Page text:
Comcast tells cable TV board: Dont give Verizon an advantage
Company wants 'level playing field' in franchise agreement as cities mull new pact
Comcast is crying foul about a proposed Verizon Northwest Inc. cable television franchise.
The company that provides cable television to most of Washington County and 13 surrounding cities asked the Metropolitan Area Cable Commission two weeks ago to consider giving it the same deal that Verizon sought from the group Feb. 8.
The company warned commissioners against providing 'an unfair advantage' to Verizon in its proposed franchise agreement that still must be approved by the cities and Washington County commissioners.
In a Feb. 12 letter to the commission, Sanford Inouye, Comcast Cable government affairs director in Beaverton, wrote that his company wanted the proposed Verizon Northwest franchise to be held to the same standard as the 15-year pact granted in 1999 to Comcast's predecessors, TCI and AT and T.
Comcast has operated the local franchise since 2003.
Inouye wrote that the commission should 'adhere to the level playing field obligation under our current franchise. In order to ensure that Verizon is not given an unfair competitive advantage, our franchise requirements and obligations should be modified to be reasonably comparable to those of the proposed Verizon franchise.'
MACC officials, however, are not very sympathetic. They say that Comcast can submit a new franchise proposal if it wants something different than the current pact. The company so far has not sought a new franchise agreement.
Short of that, MACC is not likely to change either the Comcast franchise agreement or alter Verizon's proposal based on Comcast's recent concerns.
'They have an existing contract with our jurisdictions with obligations that they have to meet,' said Fred Christ, MACC's policy and regulatory affairs manager. 'If they want to change things, they have to have a good reason for it.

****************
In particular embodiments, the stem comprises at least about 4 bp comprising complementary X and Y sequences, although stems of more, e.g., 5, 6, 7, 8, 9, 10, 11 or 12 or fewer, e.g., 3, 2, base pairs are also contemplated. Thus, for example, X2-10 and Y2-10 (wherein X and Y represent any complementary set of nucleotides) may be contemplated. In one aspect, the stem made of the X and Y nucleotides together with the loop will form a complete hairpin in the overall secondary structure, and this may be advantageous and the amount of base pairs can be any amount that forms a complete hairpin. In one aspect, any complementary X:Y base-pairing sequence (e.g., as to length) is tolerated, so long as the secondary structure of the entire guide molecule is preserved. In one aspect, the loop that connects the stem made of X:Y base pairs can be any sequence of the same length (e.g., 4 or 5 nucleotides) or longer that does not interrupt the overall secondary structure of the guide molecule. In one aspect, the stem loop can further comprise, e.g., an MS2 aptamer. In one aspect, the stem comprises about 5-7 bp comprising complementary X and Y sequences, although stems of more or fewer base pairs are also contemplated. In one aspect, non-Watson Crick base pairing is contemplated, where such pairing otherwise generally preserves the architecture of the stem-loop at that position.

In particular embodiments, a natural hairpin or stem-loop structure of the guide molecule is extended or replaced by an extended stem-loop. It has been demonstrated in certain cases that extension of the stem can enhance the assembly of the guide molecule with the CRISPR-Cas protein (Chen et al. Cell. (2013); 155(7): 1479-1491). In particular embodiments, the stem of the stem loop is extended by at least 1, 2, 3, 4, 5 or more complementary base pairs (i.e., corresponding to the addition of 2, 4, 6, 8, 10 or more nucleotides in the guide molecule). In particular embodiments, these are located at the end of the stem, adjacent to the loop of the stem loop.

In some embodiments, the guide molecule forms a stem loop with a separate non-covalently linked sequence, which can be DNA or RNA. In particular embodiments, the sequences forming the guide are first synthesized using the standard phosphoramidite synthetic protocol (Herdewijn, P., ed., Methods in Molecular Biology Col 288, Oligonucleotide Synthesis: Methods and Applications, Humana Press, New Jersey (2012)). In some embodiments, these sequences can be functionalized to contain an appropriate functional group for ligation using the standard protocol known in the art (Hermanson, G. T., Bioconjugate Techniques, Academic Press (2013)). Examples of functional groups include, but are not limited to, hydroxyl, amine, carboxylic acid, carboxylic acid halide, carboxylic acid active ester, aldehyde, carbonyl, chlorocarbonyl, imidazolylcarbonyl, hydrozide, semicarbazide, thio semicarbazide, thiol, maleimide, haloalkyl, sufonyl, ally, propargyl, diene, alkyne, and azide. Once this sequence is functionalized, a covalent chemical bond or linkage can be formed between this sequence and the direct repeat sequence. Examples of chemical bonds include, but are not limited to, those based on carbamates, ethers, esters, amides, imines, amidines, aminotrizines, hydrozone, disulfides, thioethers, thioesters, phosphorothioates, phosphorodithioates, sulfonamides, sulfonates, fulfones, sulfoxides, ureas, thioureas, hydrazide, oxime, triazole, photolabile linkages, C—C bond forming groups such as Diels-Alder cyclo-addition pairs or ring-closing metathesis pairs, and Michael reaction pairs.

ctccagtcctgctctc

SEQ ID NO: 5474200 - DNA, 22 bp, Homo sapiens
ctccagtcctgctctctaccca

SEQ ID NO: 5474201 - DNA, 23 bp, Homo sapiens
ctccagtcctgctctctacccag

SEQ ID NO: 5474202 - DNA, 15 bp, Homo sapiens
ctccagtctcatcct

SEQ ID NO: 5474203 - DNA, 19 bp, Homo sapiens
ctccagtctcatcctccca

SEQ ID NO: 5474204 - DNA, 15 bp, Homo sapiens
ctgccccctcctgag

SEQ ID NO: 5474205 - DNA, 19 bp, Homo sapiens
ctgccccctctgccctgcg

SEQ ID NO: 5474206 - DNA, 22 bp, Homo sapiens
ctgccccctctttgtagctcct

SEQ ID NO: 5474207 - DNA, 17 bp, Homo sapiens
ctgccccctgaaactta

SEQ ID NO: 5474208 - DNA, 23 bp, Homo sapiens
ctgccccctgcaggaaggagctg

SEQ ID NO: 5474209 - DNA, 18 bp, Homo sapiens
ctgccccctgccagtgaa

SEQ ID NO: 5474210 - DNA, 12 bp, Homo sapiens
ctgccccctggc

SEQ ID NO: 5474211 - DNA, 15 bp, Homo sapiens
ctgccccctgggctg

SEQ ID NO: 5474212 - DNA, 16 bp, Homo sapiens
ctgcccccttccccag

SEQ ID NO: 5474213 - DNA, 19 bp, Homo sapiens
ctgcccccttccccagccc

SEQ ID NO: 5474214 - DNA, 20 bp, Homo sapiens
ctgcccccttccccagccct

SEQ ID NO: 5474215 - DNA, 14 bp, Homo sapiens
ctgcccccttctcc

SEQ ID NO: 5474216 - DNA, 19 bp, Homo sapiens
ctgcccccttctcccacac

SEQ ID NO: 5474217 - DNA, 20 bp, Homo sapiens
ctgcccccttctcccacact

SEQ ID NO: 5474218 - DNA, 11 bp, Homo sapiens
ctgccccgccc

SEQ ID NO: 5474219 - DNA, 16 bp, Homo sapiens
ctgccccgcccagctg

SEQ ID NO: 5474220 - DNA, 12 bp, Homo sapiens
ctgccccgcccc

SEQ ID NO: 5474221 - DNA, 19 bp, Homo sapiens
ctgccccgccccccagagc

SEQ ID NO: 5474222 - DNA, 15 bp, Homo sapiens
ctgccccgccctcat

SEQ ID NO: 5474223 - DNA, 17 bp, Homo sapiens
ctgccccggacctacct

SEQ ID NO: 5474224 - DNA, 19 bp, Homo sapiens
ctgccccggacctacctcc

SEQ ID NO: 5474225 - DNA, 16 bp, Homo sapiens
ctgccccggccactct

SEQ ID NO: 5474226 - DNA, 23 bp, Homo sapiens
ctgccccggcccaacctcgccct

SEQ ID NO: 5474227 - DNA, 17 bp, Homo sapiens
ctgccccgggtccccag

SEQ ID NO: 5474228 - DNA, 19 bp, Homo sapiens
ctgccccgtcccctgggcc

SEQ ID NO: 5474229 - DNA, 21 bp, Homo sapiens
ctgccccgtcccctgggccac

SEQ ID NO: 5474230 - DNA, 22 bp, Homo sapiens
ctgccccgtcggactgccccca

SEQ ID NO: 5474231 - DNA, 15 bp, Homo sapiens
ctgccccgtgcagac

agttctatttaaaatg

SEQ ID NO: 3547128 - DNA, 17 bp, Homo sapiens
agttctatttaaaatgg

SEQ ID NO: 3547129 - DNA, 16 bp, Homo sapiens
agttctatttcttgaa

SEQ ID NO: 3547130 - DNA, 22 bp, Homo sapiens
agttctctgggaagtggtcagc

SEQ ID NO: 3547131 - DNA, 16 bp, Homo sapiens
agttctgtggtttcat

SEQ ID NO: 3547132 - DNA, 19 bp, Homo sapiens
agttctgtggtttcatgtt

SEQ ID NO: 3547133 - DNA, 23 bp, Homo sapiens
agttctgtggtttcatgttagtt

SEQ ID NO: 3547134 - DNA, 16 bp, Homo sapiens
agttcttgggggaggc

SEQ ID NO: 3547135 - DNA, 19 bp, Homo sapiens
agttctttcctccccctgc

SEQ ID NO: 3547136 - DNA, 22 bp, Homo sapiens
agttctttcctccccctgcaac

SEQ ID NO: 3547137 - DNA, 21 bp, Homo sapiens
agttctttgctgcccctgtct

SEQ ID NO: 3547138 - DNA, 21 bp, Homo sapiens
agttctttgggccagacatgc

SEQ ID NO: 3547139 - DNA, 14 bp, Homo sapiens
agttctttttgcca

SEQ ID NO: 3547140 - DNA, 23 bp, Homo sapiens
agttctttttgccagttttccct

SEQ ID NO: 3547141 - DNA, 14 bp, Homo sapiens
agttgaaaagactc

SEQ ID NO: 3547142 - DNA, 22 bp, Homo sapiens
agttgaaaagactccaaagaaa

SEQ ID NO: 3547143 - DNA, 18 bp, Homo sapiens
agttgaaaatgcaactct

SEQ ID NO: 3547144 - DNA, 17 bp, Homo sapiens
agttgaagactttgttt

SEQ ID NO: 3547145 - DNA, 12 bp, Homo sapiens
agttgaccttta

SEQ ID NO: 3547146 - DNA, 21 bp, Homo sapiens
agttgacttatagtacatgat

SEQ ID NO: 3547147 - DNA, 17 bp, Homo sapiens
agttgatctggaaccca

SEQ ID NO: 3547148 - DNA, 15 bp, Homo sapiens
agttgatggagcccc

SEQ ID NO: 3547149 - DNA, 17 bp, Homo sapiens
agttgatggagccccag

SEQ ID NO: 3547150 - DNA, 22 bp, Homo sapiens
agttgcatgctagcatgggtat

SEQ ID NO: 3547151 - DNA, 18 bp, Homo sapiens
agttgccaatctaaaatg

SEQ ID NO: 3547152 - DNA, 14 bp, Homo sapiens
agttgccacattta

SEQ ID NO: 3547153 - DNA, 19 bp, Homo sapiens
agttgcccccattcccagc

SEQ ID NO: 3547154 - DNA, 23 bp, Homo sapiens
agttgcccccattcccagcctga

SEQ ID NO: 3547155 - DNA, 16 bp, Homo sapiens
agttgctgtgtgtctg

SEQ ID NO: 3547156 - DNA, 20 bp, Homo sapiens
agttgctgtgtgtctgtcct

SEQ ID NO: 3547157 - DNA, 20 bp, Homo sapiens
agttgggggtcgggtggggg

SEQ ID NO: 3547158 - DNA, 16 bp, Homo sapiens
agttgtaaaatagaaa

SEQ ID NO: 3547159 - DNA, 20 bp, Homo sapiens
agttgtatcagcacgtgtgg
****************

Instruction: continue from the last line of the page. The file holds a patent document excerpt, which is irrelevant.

'We would consider any legitimate concerns. But, that being said, you have to take the entire franchise and compare it with the entire franchise, which is what we've been working on for a year with dozens of attorneys.'
Inouye did not return a telephone call seeking comment on his letter.
Members of the cable commission approved in early February a proposal allowing Verizon Northwest to provide cable television service to MACC's jurisdictions. The company expects to extend television service into Beaverton, Tigard, Tualatin, King City and several other parts of Washington County.
If all 11 cities represented by the communications commission approve the agreement, it would be the first time in Oregon that two major telecommunications companies competed head-to-head for cable TV customers.
In his letter, Inouye said a brief review of Verizon's proposal could have 'some significant differences regarding obligations and requirements' from Comcast's franchise agreement.
Inouye cited as examples requirements that Comcast provide cable service to almost all parts of the county, while Verizon's proposal had no such requirement. He also said the agreement could let Verizon 'cherry pick' profitable areas to serve, while not expanding in other less-affluent areas.
Inouye also said Verizon's proposal allowed it to terminate the franchise after four years, something not available to Comcast.
Comcast also complained that it was required to pay $800,000 as part of its franchise agreement, but Verizon could be required to pay only about $149,600 in four years under its proposal.
Even customer service responses would be different under the two franchise agreements, Inouye wrote. Comcast has been required to provide a customer service center in the region and to respond quickly to customer concerns.
Verizon's proposal, however, might not hold it to the same requirements, Inouye wrote.
In a response released Monday, MACC Administrator Bruce Crest wrote that the commission 'considers the proposed Verizon franchise to be 'reasonably comparable' as all of its material terms to the Comcast franchise.'
Crest also refuted many of Inouye's claims, saying the Verizon proposal was developed under the same scrutiny as the Comcast franchise. He said the commission disagreed with Comcast's examples of inequities in the proposal and its franchise.
Crest and MACC expect Comcast to seek changes to its franchise agreement, partly in response to the Verizon proposal.
'MACC cannot act on such a request unless it is formally proposed to the commission,' Crest wrote. 'Until the Verizon franchise becomes effective, Comcast's suggestions are premature at best.'